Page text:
We are now less than one year away from the 2020 election, and there seems to be no end in sight for the Democratic Party’s primary process.
The field itself has dwindled only slightly over the course of the last few months, from a record high of nearly two dozen candidates. Slowly but surely, low-polling progressives have begun to drop out of the race, having seen the writing on the wall.
But that hasn’t stopped a few more Democrats from eyeing up the considerably weak field and deciding to give it a go. Just days ago, for instance, we discovered that former New York City Mayor Michael Bloomberg was eyeing a run.
Now, another prominent northeastern Democrat is doing the same.
Former Massachusetts Gov. Deval Patrick announced Thursday that he will run for the Democratic presidential nomination.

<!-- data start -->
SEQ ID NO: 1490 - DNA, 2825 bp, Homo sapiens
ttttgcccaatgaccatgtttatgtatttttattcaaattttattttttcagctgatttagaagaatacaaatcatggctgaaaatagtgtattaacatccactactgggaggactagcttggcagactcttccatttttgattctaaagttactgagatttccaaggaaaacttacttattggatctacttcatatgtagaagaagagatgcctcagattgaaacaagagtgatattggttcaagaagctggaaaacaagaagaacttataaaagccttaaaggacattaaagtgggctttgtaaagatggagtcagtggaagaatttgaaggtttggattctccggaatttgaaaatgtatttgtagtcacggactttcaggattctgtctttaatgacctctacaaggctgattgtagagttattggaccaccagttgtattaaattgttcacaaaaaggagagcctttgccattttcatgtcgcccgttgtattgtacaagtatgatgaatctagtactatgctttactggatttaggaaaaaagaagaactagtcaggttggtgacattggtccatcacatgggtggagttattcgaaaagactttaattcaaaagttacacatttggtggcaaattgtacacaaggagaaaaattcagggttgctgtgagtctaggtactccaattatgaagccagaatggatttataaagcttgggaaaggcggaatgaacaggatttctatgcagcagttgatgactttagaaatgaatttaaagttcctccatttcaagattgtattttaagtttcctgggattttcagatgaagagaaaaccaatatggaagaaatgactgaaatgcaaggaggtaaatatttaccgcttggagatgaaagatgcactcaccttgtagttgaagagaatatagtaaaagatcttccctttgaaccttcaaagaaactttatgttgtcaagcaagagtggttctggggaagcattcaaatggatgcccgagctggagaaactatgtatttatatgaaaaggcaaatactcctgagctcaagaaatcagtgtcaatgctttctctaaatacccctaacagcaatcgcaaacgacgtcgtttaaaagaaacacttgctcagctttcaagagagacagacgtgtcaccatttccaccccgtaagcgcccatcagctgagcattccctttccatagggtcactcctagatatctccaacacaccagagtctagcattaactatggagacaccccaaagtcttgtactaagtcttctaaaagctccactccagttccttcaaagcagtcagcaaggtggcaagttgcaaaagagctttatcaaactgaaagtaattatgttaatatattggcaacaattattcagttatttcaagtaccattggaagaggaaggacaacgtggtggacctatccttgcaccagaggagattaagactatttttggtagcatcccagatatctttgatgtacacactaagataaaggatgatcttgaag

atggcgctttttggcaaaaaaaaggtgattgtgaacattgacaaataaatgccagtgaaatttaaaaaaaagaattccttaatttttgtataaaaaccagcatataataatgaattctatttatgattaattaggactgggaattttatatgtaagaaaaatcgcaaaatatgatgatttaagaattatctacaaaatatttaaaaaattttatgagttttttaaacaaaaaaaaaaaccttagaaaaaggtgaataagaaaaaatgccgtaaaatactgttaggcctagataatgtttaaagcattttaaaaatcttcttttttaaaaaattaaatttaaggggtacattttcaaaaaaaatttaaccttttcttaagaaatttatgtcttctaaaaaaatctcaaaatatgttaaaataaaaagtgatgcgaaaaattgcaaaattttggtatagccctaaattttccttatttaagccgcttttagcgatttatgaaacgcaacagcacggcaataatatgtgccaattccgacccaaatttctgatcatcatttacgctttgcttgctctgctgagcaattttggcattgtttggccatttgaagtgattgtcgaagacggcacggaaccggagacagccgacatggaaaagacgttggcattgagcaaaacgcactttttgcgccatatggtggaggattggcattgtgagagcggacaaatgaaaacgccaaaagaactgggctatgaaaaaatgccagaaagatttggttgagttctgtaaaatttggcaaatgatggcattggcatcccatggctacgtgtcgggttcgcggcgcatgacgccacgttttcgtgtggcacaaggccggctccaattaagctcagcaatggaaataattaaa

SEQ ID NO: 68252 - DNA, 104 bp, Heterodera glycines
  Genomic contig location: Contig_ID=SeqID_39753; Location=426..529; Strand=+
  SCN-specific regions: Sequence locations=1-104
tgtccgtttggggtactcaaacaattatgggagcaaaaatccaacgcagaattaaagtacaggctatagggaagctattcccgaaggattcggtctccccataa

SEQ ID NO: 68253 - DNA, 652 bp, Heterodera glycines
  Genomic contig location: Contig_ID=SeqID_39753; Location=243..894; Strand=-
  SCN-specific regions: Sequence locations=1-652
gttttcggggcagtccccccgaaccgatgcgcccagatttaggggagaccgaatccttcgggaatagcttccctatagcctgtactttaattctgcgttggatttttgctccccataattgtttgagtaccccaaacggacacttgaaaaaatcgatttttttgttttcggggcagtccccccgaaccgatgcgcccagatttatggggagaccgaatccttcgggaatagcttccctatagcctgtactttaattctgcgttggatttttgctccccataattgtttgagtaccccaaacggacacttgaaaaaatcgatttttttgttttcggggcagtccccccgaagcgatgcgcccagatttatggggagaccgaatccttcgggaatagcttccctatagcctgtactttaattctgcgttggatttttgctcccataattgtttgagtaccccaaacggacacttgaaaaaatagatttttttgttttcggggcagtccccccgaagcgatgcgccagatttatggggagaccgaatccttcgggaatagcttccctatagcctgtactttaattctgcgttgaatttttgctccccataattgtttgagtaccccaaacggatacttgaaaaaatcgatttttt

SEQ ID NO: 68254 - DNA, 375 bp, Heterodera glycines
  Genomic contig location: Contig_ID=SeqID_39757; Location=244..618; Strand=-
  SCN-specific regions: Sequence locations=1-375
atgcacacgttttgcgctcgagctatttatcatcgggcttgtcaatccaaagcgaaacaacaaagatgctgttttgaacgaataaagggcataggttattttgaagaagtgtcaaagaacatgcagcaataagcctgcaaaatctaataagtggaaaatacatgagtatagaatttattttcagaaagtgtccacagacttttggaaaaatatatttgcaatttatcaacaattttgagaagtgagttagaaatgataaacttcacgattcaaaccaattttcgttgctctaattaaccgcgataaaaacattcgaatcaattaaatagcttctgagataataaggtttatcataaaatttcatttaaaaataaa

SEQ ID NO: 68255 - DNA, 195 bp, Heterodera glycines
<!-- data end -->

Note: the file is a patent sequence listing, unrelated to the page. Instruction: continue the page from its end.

His decision to enter the primary comes against the backdrop of the realities of the political calendar — the filing deadline in all-important New Hampshire is Friday — as well as continued consternation from some Democrats about whether the current field presents viable options to beat President Donald Trump in 2020.
Patrick ruled out a presidential bid earlier this year, telling NBC Boston at the time that he had concerns about the negativity of a campaign and the impact of that on his family.
His late entry presents big hurdles, both in fundraising and when it comes to building a campaign organization that can keep pace with other candidates who have been running for almost a year.
These late entrants into the race belie a dirty secret that the Democrats don’t wish to admit: Their 2020 field is far too weak to compete with the juggernaut that is Donald Trump, and the only real hope they have now is to catch lightning in a bottle with a tardy and tawdry politician surprising the field.
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